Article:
THE double-dip recession is deeper than originally feared as revised figures today showed a sharper decline in the economy in the final quarter of last year.
• Gross domestic product (GDP) shrank by 0.4% between October and December, compared with a previous estimate of 0.3%,
• Economy shrank by an unchanged 0.3% in the first quarter of this year
The Office for National Statistics (ONS) figures mean the current recession - defined as two or more quarters of declining GDP in a row - is more severe than first thought.
The impact of the weak economy was underlined by household spending figures, which showed expenditure falling by 0.1% compared with a previous estimate of 0.1% growth.
Government spending is also growing at its fastest rate in nearly seven years between January and March, the ONS said.
The 1.9% surge in Government expenditure was driven by higher spending on public administration, health and defence.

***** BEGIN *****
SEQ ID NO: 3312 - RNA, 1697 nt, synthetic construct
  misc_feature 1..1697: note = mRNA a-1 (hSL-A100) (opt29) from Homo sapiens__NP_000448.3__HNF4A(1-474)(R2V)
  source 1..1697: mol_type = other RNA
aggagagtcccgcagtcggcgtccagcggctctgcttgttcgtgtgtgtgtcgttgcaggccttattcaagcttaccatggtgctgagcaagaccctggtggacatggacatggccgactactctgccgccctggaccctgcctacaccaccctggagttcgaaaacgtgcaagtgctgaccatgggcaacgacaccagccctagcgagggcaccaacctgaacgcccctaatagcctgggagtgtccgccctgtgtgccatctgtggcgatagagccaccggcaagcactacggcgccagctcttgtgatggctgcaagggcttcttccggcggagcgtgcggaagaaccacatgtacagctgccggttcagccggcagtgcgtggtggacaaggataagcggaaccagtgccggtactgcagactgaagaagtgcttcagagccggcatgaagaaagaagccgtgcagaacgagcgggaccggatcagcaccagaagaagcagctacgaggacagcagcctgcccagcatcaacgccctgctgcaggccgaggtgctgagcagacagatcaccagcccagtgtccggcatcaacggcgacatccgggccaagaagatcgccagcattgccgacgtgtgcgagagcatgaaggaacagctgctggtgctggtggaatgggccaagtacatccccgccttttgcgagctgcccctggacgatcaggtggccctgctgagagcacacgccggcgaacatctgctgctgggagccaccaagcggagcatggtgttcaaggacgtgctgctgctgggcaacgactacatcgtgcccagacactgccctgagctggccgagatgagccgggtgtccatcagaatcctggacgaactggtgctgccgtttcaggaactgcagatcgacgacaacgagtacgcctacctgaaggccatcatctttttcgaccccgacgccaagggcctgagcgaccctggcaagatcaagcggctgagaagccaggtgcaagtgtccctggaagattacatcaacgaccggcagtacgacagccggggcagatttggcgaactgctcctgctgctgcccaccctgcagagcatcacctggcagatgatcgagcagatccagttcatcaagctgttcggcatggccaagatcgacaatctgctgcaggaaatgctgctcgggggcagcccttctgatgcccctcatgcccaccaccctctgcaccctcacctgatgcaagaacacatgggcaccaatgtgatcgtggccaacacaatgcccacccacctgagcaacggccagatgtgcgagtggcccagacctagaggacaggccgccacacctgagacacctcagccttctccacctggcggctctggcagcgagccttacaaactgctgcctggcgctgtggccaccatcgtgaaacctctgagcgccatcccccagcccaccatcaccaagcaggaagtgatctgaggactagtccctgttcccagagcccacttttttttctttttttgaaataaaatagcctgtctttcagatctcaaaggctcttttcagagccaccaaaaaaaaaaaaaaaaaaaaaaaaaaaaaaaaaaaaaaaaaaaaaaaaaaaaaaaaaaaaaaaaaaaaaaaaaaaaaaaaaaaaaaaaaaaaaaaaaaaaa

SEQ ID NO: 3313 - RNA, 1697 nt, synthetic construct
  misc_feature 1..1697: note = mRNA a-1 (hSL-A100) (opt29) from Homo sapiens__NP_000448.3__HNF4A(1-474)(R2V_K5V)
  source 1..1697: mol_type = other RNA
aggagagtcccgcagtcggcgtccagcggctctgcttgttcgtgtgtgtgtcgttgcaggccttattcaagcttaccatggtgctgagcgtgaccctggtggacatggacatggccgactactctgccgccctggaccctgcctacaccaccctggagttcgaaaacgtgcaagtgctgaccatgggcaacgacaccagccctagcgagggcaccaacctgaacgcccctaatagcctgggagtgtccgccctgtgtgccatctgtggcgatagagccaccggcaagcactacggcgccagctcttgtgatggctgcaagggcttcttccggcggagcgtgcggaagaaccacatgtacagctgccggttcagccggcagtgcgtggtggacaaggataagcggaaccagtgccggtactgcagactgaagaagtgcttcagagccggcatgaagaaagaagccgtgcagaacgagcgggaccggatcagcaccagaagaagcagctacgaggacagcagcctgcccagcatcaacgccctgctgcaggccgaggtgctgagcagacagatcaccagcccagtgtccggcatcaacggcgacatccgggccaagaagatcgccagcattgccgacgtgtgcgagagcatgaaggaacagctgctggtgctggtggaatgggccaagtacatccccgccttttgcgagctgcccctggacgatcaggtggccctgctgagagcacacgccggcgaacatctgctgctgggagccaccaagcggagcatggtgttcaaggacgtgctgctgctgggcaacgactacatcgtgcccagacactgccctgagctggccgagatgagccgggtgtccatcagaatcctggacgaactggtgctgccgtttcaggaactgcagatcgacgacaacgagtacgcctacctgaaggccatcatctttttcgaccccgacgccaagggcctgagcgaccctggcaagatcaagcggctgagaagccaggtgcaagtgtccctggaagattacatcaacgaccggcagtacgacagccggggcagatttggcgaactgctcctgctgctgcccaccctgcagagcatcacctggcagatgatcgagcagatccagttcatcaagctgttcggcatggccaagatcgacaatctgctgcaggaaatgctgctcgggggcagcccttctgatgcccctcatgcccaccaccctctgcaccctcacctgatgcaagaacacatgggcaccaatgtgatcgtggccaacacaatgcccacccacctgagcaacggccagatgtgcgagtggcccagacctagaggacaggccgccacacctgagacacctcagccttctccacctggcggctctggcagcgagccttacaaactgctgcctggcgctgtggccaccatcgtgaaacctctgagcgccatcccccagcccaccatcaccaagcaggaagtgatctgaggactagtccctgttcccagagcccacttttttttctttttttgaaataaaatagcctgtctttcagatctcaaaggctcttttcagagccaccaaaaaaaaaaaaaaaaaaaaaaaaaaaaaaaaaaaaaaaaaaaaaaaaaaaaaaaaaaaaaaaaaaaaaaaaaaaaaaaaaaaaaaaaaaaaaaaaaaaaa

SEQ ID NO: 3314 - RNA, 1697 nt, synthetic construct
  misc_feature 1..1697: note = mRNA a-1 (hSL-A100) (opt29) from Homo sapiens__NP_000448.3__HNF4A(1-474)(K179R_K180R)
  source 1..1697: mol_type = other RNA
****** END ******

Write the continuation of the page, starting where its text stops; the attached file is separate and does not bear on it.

Household expenditure also declined in the first quarter, driven by a fall in spending on financial services and social protection.
The decreases were partially offset by spending on food and drink and recreation and culture.
The construction sector declined by a larger than previously estimated 4.9%, its worst performance since the first quarter of 2009.
Industrial production sector output, which includes manufacturing, was also revised downwards to a fall of 0.5% from a 0.4% decline.
Despite the overall decline in GDP, growth in the powerhouse service sector, which makes up 75% of the economy, was revised upwards from 0.1% to 0.2% in the first quarter.
Economists and business leaders have warned that a technical recession will hit confidence and could cause businesses to rein in spending at a time when they are being encouraged to invest to stimulate growth.
But the current downturn is expected to be nothing like as severe as the previous recession of 2008/09, which spanned more than a year.